ORCHARD PARK, N.Y. — It was only a few weeks ago when the Bills had a 7-3 record, and quarterback Josh Allen acknowledged he and his teammates had taken a peek at the playoff picture.
"I wouldn't say we've started talking about it, but you do want to keep an eye on what everybody else is doing," the second-year starter responded, before making a cautious projection. "At the end of the day, I think you need at least 10 wins to get in."
Two weeks and two wins later, the question for Allen now might be why stop there?
Returning from an extended weekend off following their convincing 26-15 win at Dallas on Thanksgiving Day, the Bills are in the thick of the AFC playoff race.
At 9-3, the Bills will play the two teams ahead of them in the standings over the next three weeks, starting with the conference-leading Baltimore Ravens (10-2) coming to town Sunday, and Buffalo playing at New England (10-2) on Dec. 21.
Coach Sean McDermott on Monday promptly cooled talk of having any AFC East title aspirations by saying he's solely focused on the immediate challenge ahead and noting how the dynamic Lamar Jackson-led Ravens might well be the league’s best team.
"They just can beat you in so many different ways," McDermott said of the Ravens, who have won eight straight and had outscored their previous five opponents by a combined margin of 202-62 before eking out a 20-17 win over San Francisco on Sunday. "I don't think there's really been a defense that's cracked the code to this point, so to speak."
And yet, McDermott appreciates the national attention the Bills are suddenly generating in having matched the team's best record through 12 games in 23 years.
The latest sign of respect came Sunday, when the NFL flexed Buffalo into its most prestigious TV spot by moving the Bills' game at Pittsburgh from a 1 p.m. start to prime time on Dec. 15. It will mark the first time Buffalo has played on Sunday night since a 56-10 loss to New England in 2007.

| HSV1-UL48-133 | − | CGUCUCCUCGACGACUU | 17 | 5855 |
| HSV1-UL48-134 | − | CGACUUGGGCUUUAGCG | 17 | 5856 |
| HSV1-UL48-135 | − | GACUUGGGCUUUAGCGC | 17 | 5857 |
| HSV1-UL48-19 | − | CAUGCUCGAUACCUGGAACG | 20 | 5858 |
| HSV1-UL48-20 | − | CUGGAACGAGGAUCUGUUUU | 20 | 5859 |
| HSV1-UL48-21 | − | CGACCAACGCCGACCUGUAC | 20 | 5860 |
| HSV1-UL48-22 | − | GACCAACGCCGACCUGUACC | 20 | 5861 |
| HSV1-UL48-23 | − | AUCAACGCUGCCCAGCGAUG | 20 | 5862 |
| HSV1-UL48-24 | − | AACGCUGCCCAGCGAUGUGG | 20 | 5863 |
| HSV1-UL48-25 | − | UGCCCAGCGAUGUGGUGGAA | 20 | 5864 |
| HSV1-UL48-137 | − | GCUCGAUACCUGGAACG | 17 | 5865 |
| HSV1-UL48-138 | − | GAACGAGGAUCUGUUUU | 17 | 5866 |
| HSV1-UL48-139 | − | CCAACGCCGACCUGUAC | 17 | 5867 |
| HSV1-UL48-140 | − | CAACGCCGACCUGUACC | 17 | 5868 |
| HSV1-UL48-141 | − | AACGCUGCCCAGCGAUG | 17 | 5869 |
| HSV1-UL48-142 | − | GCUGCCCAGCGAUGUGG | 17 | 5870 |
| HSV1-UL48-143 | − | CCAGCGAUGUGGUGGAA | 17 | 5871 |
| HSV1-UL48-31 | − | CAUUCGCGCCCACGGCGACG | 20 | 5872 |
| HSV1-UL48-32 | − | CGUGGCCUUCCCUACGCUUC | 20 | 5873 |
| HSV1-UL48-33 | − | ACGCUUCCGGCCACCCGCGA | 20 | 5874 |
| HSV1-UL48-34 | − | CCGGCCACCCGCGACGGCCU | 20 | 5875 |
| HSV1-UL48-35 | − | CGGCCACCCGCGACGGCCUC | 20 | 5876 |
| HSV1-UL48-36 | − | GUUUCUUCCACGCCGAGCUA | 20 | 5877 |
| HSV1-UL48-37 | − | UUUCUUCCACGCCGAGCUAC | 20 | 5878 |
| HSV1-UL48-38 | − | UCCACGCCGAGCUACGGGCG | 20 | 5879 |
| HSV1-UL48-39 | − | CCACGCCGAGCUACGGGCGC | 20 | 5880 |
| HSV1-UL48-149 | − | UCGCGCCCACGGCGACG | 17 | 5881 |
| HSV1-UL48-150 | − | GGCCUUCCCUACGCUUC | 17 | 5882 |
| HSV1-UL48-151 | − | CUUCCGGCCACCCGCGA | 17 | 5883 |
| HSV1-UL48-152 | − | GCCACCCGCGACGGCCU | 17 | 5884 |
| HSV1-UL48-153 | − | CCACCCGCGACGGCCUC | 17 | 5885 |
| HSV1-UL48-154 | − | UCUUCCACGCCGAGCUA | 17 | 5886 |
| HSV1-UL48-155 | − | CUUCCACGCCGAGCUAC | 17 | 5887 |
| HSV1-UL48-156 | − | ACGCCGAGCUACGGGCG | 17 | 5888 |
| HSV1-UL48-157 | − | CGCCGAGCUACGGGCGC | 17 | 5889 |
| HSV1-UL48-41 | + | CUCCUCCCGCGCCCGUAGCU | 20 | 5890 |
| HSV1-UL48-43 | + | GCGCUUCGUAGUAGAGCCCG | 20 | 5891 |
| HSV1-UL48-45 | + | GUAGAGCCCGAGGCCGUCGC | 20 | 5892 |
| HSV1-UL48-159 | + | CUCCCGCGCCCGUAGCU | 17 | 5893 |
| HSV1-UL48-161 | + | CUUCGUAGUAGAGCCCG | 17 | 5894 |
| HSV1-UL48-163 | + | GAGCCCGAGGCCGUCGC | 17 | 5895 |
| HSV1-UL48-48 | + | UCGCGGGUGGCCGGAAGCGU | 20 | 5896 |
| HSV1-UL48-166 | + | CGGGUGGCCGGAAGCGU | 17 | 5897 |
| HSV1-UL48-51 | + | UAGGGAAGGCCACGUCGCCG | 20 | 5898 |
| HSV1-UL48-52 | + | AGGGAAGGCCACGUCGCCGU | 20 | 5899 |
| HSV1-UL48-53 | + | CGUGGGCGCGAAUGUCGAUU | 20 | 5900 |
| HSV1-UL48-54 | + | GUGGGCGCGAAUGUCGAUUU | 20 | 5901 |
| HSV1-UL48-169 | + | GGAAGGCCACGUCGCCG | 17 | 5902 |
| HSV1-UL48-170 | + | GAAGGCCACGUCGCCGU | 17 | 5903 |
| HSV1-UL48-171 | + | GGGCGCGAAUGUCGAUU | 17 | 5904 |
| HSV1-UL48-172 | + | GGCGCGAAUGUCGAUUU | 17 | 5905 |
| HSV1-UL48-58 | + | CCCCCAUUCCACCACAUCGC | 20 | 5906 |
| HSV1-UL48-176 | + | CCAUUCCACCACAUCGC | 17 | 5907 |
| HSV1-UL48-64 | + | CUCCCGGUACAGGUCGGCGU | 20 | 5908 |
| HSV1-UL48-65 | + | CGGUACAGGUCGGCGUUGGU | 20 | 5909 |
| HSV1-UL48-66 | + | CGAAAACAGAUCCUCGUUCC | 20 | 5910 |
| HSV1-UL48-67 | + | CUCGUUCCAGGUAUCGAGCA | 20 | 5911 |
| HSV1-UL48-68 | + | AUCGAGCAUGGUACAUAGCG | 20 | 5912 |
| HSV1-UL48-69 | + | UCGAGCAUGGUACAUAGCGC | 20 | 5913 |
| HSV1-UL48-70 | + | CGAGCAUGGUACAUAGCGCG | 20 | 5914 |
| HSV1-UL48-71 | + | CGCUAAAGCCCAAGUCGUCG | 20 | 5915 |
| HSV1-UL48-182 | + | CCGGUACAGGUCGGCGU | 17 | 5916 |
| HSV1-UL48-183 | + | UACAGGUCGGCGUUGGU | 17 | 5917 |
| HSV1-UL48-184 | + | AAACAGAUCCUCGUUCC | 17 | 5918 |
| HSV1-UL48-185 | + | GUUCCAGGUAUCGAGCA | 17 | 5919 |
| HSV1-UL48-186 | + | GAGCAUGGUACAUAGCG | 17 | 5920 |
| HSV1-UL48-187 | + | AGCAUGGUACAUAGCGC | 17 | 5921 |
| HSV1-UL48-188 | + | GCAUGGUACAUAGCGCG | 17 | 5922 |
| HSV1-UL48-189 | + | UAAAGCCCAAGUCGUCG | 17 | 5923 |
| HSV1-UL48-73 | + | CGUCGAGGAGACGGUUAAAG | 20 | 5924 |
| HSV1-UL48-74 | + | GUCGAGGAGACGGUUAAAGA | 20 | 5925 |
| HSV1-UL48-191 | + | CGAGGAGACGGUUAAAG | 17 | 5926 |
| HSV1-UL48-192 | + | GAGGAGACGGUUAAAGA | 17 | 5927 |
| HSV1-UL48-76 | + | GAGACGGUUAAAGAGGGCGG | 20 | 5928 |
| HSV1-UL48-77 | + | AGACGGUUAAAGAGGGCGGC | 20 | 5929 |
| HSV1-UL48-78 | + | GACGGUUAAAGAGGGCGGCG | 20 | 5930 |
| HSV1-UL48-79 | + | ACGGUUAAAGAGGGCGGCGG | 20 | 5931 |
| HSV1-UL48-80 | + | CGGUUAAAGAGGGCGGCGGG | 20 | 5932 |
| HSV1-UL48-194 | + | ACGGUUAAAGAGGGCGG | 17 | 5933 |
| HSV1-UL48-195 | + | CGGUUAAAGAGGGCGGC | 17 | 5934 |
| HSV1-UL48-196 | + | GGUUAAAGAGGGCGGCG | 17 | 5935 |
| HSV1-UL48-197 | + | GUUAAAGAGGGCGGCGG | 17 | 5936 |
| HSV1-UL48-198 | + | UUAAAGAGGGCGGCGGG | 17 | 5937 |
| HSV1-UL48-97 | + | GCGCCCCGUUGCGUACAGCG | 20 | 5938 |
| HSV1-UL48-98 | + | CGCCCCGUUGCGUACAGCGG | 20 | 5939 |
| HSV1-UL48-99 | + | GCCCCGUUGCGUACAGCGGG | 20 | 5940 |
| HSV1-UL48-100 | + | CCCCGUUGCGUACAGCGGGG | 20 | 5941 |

"We talk a lot about things being earned, and the guys have earned that. So, I don't think we shy away from that standpoint," McDermott said. "But we also know there's a lot of work ahead of us, a lot of runway to go yet."
Buffalo might still have much to prove, especially considering how it built much of its record by taking advantage of a soft early season schedule.
The perception toward the Bills, however, is beginning to change based on the dominance they've shown in winning three straight.
Allen, selected seventh overall in the 2018 draft and 25 spots ahead of Jackson, is finding his rhythm. He’s overseeing an offense that has combined for 1,204 yards and nine touchdowns — seven of them passing — in its past three.
The uptick in production coincides with coordinator Brian Daboll introducing a no-huddle dimension.
And Buffalo's defense has added a more attacking element by combining for 15 sacks over the past three games after managing just 22 in its first nine.
Bills players note there is also a difference between this year's team and the one that sneaked into the playoffs on the final day of the 2017 season by clinching the AFC's final wild-card berth only after Baltimore was eliminated by giving up a last-minute touchdown in a loss to Cincinnati.
"That was a whole different team," safety Micah Hyde recently said, noting how the roster was already in transition following the arrival of McDermott and general manager Brandon Beane earlier that year.
"It was kind of one of those seasons where we didn't know what to expect," said Hyde, one of 12 remaining holdovers. "I think going into this year, we expected to do something great. And that's still where our mindset is."
A win over Baltimore would have the Bills matching their best record through 13 games since 1991, which also happens to be the year Daboll turned 16 while growing up as a Bills fan in suburban Buffalo.
“Look, it’s good to play meaningful games in December. That’s our goal and that’s where we’re at,” Daboll said. “But again, I can’t stress enough how it’s a week-to-week proposition and against the best team in football right now.”
He shrugged when asked what he was doing in 1991.
“I have no idea,” Daboll said, before allowing a smile. “Cheering these guys on, I know that.”